How does NEM 3.0 impact the economics of solar in California?
Genability is performing a detailed analysis of NEM 3.0 utility avoided cost economics, and will update this blog post soon. However, as a preview, and not unexpectedly, NEM 3.0 does have a sizable negative impact on many rooftop solar scenarios when compared with NEM 2.0. To understand why, look at the export credits available to solar customers under NEM 3.0. The ACC values exports to the grid lowest during the hours when the sun is shining and values them highest just as the sun sets. This means that the economics of rooftop solar without storage will be very difficult.
However, with storage, the economics improve dramatically. By banking the excess solar production during the daylight hours to release in the evening, the solar + storage customer can not only offset high-priced evening power but also potentially export power to the grid during those hours to receive hefty export credits.
For Genability Switch customers, this means that you should review how you are modeling solar and storage using Switch. How you’ve included solar in your calculations may not be optimal for the new ACC hourly prices, which provide a significant opportunity to increase customer savings.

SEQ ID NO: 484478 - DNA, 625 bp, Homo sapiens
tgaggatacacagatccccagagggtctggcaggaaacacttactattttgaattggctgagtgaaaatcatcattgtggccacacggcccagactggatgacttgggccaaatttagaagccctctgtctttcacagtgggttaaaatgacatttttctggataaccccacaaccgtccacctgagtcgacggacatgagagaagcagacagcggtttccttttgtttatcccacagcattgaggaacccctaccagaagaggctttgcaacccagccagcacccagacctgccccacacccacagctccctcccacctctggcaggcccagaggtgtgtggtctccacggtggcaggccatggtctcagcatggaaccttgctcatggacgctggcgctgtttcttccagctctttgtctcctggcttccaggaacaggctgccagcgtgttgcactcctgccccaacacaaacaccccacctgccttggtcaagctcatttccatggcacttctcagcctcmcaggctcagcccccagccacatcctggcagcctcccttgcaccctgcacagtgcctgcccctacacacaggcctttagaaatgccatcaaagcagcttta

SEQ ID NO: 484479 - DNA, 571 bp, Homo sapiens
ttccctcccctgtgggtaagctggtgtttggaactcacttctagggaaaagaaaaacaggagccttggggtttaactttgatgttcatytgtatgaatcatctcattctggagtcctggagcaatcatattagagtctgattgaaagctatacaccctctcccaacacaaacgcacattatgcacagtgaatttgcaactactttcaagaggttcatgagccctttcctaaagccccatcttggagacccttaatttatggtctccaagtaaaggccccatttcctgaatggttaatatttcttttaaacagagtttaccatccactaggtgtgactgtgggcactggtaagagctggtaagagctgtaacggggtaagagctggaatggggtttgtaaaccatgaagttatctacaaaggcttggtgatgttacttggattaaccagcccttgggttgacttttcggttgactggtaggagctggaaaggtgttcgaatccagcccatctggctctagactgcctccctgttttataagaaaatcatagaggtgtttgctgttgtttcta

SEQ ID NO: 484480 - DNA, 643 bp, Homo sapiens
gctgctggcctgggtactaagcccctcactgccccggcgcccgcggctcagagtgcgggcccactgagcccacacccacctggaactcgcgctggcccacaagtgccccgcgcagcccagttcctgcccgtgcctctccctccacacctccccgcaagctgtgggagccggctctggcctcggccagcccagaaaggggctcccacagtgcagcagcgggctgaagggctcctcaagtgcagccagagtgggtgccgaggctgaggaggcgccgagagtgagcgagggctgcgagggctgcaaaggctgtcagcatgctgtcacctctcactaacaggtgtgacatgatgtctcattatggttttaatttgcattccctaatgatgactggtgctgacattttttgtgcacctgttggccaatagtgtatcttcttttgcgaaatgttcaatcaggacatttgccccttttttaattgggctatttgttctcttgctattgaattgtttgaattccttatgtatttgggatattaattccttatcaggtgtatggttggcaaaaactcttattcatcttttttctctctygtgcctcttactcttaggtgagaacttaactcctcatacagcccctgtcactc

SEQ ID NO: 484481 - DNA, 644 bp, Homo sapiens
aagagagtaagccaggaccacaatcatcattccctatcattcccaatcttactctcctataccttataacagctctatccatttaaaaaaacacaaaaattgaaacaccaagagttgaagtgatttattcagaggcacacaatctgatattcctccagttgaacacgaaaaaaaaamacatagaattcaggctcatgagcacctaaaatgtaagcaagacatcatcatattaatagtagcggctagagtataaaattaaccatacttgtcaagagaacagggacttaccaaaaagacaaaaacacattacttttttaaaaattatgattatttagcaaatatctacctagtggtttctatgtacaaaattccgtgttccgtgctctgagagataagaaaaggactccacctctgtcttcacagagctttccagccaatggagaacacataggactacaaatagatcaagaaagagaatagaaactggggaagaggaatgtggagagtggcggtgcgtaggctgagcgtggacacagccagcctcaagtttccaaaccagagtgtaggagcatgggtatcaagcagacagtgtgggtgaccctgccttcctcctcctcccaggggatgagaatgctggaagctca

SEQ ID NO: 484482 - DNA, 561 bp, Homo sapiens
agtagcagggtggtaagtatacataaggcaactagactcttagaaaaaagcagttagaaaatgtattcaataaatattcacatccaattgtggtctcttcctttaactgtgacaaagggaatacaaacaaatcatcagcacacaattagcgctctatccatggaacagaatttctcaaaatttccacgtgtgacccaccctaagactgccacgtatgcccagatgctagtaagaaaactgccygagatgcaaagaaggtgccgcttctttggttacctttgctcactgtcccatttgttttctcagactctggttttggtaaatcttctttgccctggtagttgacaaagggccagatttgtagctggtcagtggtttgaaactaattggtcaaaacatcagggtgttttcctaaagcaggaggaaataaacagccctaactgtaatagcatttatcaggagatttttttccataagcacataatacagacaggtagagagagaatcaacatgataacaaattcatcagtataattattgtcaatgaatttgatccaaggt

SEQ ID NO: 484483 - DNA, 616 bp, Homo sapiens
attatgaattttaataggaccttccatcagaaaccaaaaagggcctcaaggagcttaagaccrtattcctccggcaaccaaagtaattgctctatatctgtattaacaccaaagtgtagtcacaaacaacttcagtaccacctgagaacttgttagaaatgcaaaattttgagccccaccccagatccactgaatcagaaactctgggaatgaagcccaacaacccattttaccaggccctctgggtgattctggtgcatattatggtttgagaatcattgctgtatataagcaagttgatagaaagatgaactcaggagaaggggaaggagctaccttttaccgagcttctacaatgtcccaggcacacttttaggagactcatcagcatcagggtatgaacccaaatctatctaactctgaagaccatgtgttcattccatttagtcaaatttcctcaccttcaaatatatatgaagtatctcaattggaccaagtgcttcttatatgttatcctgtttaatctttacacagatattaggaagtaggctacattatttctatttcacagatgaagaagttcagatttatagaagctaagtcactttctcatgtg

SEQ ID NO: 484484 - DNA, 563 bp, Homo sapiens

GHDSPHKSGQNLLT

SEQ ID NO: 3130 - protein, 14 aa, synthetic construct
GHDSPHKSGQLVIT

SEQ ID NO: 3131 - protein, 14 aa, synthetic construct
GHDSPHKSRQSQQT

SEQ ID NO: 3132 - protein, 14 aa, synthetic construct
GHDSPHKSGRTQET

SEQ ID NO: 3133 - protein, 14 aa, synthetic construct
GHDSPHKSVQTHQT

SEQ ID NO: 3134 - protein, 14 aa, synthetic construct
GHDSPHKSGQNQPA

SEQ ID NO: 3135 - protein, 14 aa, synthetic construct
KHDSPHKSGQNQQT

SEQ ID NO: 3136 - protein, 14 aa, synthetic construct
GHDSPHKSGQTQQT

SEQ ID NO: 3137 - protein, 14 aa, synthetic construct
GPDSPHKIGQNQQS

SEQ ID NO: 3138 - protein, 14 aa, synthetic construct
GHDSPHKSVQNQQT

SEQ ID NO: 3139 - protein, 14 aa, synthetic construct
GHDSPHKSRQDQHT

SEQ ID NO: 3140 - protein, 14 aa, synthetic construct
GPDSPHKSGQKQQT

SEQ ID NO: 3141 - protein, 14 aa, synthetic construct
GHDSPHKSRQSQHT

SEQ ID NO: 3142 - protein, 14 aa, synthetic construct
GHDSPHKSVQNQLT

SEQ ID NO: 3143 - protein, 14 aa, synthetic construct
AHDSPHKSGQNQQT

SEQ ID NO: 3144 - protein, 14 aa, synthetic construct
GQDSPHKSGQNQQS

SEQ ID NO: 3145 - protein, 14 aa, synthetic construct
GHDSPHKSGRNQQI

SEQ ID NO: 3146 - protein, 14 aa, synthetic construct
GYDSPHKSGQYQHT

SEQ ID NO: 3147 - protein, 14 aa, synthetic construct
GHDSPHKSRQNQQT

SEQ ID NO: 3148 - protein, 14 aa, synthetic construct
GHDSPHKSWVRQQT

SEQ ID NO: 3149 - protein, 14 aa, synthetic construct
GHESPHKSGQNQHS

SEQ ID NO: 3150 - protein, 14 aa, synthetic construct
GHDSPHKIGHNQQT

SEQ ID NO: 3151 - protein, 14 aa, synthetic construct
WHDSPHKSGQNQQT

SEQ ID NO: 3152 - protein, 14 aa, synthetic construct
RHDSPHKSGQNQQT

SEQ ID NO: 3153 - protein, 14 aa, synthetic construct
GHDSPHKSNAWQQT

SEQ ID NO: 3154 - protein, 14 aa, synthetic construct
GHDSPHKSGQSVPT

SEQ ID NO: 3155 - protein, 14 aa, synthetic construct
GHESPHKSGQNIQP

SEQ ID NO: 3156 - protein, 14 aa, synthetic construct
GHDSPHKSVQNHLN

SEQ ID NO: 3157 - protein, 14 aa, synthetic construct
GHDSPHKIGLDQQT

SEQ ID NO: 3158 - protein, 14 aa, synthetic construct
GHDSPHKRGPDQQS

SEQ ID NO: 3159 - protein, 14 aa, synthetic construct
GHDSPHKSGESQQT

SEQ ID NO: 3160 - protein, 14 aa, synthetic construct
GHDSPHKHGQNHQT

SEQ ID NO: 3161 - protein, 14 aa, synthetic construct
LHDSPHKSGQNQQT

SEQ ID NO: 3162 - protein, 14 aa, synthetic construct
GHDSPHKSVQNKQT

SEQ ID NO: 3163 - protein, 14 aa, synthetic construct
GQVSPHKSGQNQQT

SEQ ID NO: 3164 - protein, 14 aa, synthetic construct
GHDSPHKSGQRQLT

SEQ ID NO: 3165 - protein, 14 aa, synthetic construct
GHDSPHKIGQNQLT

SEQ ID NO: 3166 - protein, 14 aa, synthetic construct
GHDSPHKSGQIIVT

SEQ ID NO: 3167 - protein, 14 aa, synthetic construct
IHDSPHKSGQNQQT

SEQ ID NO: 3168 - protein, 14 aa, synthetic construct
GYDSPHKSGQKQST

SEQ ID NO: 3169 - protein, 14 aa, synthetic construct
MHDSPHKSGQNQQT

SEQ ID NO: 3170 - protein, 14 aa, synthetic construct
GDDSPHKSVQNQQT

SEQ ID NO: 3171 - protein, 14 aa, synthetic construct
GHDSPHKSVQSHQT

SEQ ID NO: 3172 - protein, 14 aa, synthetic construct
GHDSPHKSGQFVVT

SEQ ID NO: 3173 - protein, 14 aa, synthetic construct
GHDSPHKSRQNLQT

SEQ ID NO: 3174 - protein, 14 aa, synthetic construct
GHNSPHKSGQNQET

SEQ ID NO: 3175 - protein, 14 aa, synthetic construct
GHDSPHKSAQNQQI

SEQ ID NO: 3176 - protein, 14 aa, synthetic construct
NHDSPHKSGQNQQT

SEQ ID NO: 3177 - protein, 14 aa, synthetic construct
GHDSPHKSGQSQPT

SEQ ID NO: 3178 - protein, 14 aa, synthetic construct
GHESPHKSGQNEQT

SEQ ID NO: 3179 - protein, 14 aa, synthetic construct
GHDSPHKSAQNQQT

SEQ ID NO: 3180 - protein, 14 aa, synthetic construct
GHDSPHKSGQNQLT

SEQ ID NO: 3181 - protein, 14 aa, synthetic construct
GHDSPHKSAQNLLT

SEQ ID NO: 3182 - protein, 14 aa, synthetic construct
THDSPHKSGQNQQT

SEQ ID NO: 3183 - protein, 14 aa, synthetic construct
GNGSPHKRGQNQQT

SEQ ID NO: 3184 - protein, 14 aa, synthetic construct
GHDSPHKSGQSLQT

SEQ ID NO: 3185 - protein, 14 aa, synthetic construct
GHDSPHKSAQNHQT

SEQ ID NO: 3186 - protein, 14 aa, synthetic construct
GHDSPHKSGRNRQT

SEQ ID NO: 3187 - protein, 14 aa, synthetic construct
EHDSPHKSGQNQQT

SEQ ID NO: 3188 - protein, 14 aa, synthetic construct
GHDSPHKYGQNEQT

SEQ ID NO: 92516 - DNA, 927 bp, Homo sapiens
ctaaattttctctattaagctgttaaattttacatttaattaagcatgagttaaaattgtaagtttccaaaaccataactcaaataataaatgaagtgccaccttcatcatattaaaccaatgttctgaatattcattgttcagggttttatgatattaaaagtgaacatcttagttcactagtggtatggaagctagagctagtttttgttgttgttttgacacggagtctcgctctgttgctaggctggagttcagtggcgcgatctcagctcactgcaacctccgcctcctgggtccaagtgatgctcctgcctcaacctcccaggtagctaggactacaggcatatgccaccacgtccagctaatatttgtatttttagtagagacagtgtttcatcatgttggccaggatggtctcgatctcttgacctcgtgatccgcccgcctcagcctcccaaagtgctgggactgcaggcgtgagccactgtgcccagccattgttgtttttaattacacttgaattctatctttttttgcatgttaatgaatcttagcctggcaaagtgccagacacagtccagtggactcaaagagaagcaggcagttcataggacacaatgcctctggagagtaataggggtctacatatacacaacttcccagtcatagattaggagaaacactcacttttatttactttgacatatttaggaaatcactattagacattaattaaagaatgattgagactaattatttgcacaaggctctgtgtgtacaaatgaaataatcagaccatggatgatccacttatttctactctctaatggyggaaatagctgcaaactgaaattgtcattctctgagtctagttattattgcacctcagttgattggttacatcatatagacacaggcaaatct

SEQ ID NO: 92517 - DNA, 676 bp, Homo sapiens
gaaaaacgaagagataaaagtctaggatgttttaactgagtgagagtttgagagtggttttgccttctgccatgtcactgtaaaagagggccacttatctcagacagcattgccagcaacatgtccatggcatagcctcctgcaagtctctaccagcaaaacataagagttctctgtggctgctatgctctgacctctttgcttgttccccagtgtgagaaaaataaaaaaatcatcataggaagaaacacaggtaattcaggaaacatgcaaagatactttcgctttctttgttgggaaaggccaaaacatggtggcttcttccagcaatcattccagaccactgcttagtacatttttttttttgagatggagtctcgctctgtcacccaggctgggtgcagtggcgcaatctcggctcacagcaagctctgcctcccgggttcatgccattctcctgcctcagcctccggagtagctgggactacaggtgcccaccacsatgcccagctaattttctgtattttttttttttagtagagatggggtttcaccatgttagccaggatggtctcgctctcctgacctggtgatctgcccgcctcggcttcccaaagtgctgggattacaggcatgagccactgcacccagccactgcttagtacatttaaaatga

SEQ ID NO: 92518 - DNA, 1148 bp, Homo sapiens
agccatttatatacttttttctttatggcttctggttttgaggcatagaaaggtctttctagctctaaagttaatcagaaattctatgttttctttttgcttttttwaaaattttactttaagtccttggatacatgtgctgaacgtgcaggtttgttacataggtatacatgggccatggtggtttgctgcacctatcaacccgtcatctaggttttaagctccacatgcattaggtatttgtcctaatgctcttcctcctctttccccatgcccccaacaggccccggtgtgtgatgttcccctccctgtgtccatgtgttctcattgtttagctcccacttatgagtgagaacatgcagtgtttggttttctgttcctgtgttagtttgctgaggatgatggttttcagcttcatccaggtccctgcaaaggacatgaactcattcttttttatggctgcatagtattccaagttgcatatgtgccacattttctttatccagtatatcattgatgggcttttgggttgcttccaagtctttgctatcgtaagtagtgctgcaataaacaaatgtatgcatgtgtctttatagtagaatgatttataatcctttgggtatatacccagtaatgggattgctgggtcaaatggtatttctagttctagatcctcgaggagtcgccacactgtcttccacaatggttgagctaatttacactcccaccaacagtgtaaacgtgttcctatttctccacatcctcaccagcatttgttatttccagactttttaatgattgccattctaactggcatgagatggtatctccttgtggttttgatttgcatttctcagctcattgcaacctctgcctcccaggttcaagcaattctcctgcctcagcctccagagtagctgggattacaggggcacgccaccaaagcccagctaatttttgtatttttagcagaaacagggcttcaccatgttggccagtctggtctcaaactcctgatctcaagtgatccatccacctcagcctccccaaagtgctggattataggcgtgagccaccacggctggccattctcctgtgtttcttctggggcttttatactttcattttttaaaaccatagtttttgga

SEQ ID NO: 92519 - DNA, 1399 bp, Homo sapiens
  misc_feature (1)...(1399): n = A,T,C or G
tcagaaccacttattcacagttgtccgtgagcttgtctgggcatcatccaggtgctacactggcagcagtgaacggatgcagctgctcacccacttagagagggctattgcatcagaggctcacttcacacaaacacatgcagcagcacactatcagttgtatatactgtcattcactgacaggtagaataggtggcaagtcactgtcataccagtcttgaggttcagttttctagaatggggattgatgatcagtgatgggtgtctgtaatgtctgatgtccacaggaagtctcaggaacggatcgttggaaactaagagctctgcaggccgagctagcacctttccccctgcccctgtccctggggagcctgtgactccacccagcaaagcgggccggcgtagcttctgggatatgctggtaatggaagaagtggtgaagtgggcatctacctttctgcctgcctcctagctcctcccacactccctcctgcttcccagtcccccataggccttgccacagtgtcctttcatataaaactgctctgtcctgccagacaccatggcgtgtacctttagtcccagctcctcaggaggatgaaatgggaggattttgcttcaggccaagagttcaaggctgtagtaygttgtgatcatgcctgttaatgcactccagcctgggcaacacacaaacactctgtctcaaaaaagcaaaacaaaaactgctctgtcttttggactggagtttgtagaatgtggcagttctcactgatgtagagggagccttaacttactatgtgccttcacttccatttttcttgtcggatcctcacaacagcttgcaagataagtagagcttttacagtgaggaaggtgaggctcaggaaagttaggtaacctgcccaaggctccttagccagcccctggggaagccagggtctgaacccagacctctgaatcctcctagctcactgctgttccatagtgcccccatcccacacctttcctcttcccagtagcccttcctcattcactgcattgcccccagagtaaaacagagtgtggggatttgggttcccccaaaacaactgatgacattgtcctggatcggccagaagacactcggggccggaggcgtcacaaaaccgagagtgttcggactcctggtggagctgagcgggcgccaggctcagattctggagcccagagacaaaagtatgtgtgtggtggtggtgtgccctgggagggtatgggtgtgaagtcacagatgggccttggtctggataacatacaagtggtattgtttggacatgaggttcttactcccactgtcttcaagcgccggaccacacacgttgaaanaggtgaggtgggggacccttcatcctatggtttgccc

It is not yet clear when the NEM 3.0 tariffs will go into effect, and there will likely be changes to the NEM 3.0 tariffs before they are official. We recommend that Switch customers who are active in California review their Switch API implementation with an eye first to how they model storage and solar. This will have the most impact on solar economics under NEM 3.0.
Less critical is to review whether you send Genability the system size when creating a solar profile. Be assured that if you do not, we will estimate that value and the calculation will reflect a representative but not precise system size.